RL_Blog_NeimansNeiman Marcus is not wasting any time as it marches into the new frontier, or the “wild west,” as many are calling it. And it’s headed right towards the intersection where technology and the Millennials connect. Neiman’s is recognizing the tsunami of new technologies being introduced on almost a daily basis, as well as the fact that Millennials will soon replace Boomers as the largest consumer segment. This next-gen cohort has not only embedded technology into every moment and movement in their lives, they also bring huge shifts to the marketplace in how they want to engage or be engaged by retailers.

First and foremost, understood by all retailers (except for the few with their heads still in the sand), they must promise a compelling experience to attract consumers to the store. This is especially true for the Millennials, who are more interested in pursuing style of life over the stuff of life. They desire many types of experiences over shopping and hanging out in malls. And since technology is their life, the Neiman’s that attracted their grandmothers will die with their grandmothers, if they don’t integrate technology into every aspect of their business, including an engaging experience in the store. [Read more…]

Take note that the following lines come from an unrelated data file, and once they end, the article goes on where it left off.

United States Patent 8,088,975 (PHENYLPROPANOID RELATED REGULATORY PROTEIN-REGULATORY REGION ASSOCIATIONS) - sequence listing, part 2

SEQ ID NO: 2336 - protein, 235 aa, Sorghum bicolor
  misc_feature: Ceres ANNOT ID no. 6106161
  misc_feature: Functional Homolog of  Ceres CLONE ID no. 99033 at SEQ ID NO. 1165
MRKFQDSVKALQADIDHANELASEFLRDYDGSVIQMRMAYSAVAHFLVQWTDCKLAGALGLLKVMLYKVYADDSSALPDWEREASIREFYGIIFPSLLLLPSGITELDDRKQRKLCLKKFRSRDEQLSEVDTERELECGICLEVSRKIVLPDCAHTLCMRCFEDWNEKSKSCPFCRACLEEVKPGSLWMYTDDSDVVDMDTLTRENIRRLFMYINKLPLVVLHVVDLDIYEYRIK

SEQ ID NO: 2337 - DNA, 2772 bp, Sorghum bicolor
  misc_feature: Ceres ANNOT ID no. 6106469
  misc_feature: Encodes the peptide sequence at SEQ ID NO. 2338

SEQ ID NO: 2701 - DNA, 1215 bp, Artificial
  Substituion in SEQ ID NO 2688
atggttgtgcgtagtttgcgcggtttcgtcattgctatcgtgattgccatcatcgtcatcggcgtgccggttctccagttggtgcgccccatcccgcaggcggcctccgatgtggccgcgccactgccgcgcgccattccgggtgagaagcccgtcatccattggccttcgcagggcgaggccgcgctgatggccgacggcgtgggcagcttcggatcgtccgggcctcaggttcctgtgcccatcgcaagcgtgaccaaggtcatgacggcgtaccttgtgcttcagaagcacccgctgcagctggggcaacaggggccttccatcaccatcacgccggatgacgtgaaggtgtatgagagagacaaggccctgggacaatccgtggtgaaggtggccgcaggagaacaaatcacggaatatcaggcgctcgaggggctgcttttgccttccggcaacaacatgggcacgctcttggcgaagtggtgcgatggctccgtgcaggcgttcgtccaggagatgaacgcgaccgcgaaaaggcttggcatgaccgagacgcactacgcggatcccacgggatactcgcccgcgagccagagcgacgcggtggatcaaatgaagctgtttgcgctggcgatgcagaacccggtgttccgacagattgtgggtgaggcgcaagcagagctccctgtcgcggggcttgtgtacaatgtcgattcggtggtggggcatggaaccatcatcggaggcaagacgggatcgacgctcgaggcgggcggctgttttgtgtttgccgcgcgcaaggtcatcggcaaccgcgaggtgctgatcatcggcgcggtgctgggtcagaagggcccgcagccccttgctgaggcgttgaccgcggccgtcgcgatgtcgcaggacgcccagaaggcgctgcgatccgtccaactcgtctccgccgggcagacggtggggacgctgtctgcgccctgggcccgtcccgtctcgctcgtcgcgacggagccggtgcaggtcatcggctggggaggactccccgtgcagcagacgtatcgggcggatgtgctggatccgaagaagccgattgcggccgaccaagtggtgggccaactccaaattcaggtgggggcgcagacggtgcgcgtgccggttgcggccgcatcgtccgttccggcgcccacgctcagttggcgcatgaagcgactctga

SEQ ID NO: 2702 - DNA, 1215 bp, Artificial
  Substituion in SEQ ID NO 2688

Richard Baker Is Smarter than Eddie…or Is He?

lampert_bakerNow that Eddie “sell the assets” Lampert is turning his dying retail business into a real estate play, he should retain Richard Baker as a consultant. If Lampert can afford him. Of course Richard doesn’t need the money, so he might do it out of the goodness of his heart. After all, ‘tis the season. While nobody ever questioned Eddie’s financial engineering skills, he is now at the 11th hour before bankruptcy or outright liquidation of the Kmart and Sears’ businesses. The only asset he has left to squeeze more cash out of is the real estate. With that in mind, Baker’s brilliance in real estate would come in handy. Here’s his story. In Canada, Baker sells the Zeller’s chain for a huge premium of $1.8B to Target. This is akin to Target getting whacked in the head with a sandbag. More recently Baker gets an appraisal on Saks 5th Avenue for a whopping $3.7B, making it the most valuable retail building in the world. Just to give some context, it was reported to be worth between $1B and $2B when he bought it a couple years ago. [Read more…]

Michael Jeffries – A&F Genius Rides Into The Sunset